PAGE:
For many years the business model for the performance aftermarket was “build it, and they will come”. That was fine when racing was more homogenized and there was just a handful of engines and cylinder heads being used for competition. Deciding what needed to be built was fairly simple, and a manufacturer could be confident that he would sell enough parts to cover its tooling and development costs.
Racing today has become so segmented and specific that virtually everyone needs something different. Sure the masses are still well served with off-the-shelf components, but at the top, the game has changed to custom engine combinations. Just look at the huge number of new cylinder heads introduced each year. It became apparent to Jesel that its business model had to change to keep up with its customer’s needs and the changing market.
For several years Jesel has been putting in place the infrastructure to support its new business model, the Jesel Custom Shop. Digital surface mapping (Faro Arm), computer modeling software such as Solid Works and the latest Finite Element Analysis (FEA) software, rapid prototyping equipment and more than 35 CNC machines give Jesel the ability to design, prototype, test and build new valvetrain components in a very compressed time frame. Oh, and the secret weapon -- Dan Jesel’s 35-years-plus of valvetrain design and manufacturing experience. Dan’s experience spans all forms of racing – NASCAR, NHRA, Le Mans, Bonneville and more. The Jesel technical team is capable of going right to the final solution in a very cost-effective way.
The new Jesel Custom Shop business model is “ask, and we will build it.” And it seems to be working very well. In 2011 customers sent Jesel 126 different cylinder heads for which it designed and built shaft rocker systems. The Custom Shop designed more than 134 custom billet rocker stands, and more than 247 custom cam cores. Several new belt drives rolled out of the Custom Shop as well as thousands of steel rockers, many for Top Fuel and Funny Cars.
The latest generation of engines from Detroit hold great potential, however the GM LS and Chrysler Hemi are significantly handicapped by a lack of space for a proper high performance valvetrain. Most stock LS heads can only handle a 1.300”-diameter valvespring and short rockers that severely limit valve lift. The Jesel Custom Shop can modify your existing LS head to accept a 1.550” or larger spring that will accept valve lifts reaching 1”. By machining the head in house, Jesel can custom fit a longer pivot rocker to clear the spring while adding multiple mounting points to firmly secure the valvetrain. This modification also requires angle milling the valve cover surface and a set of Jesel’s billet aluminum LS valve covers to cover up the new Pro Series rocker system.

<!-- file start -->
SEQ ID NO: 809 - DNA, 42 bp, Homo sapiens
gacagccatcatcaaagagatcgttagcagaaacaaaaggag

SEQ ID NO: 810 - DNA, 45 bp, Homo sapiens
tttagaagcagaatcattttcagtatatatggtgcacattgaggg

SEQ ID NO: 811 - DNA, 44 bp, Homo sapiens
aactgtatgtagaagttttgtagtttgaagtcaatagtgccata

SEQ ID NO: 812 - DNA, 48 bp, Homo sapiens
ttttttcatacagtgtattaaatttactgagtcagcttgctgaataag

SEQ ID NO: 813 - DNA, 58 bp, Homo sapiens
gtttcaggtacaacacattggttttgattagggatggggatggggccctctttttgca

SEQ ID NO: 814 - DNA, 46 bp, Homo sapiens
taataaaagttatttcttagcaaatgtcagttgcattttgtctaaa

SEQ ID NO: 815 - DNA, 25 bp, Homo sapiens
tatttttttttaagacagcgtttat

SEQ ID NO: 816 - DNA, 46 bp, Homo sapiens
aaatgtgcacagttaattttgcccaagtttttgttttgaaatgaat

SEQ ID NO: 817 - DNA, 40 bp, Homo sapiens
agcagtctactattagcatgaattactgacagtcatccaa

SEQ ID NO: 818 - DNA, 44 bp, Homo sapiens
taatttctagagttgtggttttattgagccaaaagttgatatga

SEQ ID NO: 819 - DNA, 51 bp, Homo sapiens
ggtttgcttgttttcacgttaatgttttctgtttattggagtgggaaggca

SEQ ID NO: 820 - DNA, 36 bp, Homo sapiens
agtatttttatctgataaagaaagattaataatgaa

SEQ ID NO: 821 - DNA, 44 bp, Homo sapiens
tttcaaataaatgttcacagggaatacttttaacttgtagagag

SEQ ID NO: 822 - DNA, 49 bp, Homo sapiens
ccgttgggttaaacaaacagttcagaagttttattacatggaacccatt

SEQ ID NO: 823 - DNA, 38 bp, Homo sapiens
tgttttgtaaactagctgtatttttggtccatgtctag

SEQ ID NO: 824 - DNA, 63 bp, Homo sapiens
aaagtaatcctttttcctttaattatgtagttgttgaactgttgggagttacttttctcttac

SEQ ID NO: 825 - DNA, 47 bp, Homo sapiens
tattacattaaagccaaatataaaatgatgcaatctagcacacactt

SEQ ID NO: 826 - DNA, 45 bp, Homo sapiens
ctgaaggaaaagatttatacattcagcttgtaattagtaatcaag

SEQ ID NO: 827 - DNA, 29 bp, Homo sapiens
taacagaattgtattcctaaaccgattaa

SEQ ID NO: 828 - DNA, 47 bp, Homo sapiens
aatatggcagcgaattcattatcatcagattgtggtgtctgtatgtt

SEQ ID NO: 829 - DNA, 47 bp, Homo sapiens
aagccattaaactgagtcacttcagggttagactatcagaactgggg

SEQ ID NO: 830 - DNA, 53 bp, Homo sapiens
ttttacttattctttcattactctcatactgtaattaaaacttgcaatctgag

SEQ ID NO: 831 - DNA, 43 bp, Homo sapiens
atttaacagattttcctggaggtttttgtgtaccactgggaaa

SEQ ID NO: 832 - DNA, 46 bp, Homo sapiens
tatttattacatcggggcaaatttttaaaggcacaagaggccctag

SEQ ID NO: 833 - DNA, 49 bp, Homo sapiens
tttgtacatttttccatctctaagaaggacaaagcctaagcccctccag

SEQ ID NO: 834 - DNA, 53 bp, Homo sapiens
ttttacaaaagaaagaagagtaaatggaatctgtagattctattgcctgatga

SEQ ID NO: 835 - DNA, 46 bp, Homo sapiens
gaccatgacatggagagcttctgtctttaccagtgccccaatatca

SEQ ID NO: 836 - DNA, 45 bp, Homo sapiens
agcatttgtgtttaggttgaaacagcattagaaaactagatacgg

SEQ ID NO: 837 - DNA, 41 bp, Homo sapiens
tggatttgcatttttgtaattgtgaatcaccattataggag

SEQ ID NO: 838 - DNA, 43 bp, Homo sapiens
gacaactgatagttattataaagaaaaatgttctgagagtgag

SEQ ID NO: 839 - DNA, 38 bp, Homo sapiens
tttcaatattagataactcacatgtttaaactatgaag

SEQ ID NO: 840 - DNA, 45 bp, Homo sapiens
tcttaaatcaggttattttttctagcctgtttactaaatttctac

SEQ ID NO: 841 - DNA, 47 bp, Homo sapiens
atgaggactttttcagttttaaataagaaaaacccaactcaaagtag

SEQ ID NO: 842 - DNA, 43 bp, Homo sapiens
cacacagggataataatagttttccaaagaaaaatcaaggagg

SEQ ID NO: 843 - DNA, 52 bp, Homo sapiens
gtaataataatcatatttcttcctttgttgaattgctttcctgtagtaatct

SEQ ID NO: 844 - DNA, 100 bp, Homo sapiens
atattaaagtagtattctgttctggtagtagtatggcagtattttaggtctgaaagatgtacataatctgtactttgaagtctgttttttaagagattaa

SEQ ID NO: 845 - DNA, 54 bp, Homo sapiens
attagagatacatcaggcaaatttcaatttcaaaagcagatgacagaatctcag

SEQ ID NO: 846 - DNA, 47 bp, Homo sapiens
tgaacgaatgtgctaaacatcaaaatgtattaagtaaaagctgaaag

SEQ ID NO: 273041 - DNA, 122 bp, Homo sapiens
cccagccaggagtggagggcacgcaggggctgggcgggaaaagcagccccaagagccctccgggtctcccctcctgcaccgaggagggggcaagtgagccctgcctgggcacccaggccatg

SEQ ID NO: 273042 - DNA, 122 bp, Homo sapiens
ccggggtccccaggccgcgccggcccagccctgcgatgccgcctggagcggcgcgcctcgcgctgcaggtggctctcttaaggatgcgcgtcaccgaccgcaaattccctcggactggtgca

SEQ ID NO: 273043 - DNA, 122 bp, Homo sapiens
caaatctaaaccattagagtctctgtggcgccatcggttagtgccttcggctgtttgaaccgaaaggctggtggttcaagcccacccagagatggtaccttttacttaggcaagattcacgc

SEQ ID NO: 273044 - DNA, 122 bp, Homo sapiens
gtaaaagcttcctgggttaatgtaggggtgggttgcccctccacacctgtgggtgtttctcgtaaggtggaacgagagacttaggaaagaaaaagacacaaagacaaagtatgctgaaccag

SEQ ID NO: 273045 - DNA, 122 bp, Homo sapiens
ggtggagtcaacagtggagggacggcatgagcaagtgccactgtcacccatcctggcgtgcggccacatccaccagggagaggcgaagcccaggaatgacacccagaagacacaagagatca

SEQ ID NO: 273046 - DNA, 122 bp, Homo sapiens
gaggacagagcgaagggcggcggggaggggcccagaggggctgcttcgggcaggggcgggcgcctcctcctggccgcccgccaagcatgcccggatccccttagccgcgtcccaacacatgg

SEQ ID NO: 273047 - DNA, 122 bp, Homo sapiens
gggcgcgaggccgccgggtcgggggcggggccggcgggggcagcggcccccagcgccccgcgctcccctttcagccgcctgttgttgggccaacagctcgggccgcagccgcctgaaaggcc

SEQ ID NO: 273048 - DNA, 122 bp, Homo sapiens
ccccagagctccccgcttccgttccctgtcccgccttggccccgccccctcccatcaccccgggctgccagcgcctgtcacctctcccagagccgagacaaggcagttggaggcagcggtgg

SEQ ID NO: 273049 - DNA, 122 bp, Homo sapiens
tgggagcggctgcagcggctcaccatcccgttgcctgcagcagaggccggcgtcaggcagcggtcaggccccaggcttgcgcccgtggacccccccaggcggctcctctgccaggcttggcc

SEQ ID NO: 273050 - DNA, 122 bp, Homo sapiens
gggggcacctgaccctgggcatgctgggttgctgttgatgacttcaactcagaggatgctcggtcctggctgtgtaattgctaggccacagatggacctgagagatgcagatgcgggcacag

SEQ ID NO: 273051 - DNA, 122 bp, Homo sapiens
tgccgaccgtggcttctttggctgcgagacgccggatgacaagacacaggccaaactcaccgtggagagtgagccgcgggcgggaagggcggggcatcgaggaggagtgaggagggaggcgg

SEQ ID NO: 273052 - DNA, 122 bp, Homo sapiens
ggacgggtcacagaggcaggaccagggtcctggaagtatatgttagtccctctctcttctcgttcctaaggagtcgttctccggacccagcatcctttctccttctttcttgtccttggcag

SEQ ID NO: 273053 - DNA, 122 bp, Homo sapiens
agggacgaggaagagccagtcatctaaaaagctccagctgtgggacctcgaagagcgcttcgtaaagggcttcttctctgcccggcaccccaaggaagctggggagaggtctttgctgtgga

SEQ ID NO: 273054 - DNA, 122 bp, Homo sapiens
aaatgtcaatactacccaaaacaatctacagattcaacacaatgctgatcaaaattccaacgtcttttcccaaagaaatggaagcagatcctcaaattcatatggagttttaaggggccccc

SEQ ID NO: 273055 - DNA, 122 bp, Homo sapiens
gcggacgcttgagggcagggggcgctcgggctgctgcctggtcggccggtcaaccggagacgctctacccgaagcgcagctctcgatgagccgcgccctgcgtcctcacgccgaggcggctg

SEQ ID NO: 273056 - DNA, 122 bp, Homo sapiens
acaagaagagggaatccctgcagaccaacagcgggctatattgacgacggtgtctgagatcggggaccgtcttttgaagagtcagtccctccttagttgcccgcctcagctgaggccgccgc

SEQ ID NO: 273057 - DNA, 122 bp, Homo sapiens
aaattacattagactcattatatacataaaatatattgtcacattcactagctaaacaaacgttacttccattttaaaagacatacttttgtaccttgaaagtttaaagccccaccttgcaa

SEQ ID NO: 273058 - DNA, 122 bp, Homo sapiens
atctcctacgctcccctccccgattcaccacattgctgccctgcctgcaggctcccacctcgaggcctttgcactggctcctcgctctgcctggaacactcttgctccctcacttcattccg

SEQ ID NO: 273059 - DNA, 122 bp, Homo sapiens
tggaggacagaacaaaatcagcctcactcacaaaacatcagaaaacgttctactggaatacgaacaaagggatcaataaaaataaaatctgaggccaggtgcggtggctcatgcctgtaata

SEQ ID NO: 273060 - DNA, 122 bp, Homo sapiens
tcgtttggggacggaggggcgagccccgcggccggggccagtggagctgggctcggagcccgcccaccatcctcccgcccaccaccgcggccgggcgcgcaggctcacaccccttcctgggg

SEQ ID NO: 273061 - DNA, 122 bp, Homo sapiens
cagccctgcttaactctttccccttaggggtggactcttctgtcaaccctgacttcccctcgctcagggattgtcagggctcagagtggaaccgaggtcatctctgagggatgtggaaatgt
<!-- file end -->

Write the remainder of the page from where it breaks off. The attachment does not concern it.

Another popular Custom Shop operation is milling big-block Chevy and Spread Port aftermarket heads for one-piece rocker hands. The standard kit has a single bolt holding the exhaust stands, and they have a tendency to rip out of the head resulting in costly repairs The one-piece stand fixes this problem and greatly stabilizes the valvetrain allowing more rpm and spring pressure.
So how do you get Jesel to take on your custom project? You can call Jesel at 732-901-1800 and ask for the Custom Shop or email the Custom Shop directly at: email@example.com. Either way, a Jesel consultant will interview you to gather the necessary information such as intended application, net valve lift, spring pressures, rpm range, and if power adders will be used. This information will be used to design a truly custom, one-off kit.
Custom projects are subject to engineering and programming fees. If it is a new product such as a rocker system for a new cylinder head, the customer will receive a plastic model and samples to approve before Jesel makes the finished parts.
In racing time is money. Even if you have the CNC machinery and personnel to build valvetrain components, can you really afford for them to experiment with such a critical part of the engine? Jesel instinctively knows how to deal with things like rocker thrust loads and pushrod-to-adjuster interface, and what metallurgy is required to build reliable, extreme performance components. It only makes sense that Jesel will get it done faster and more efficiently.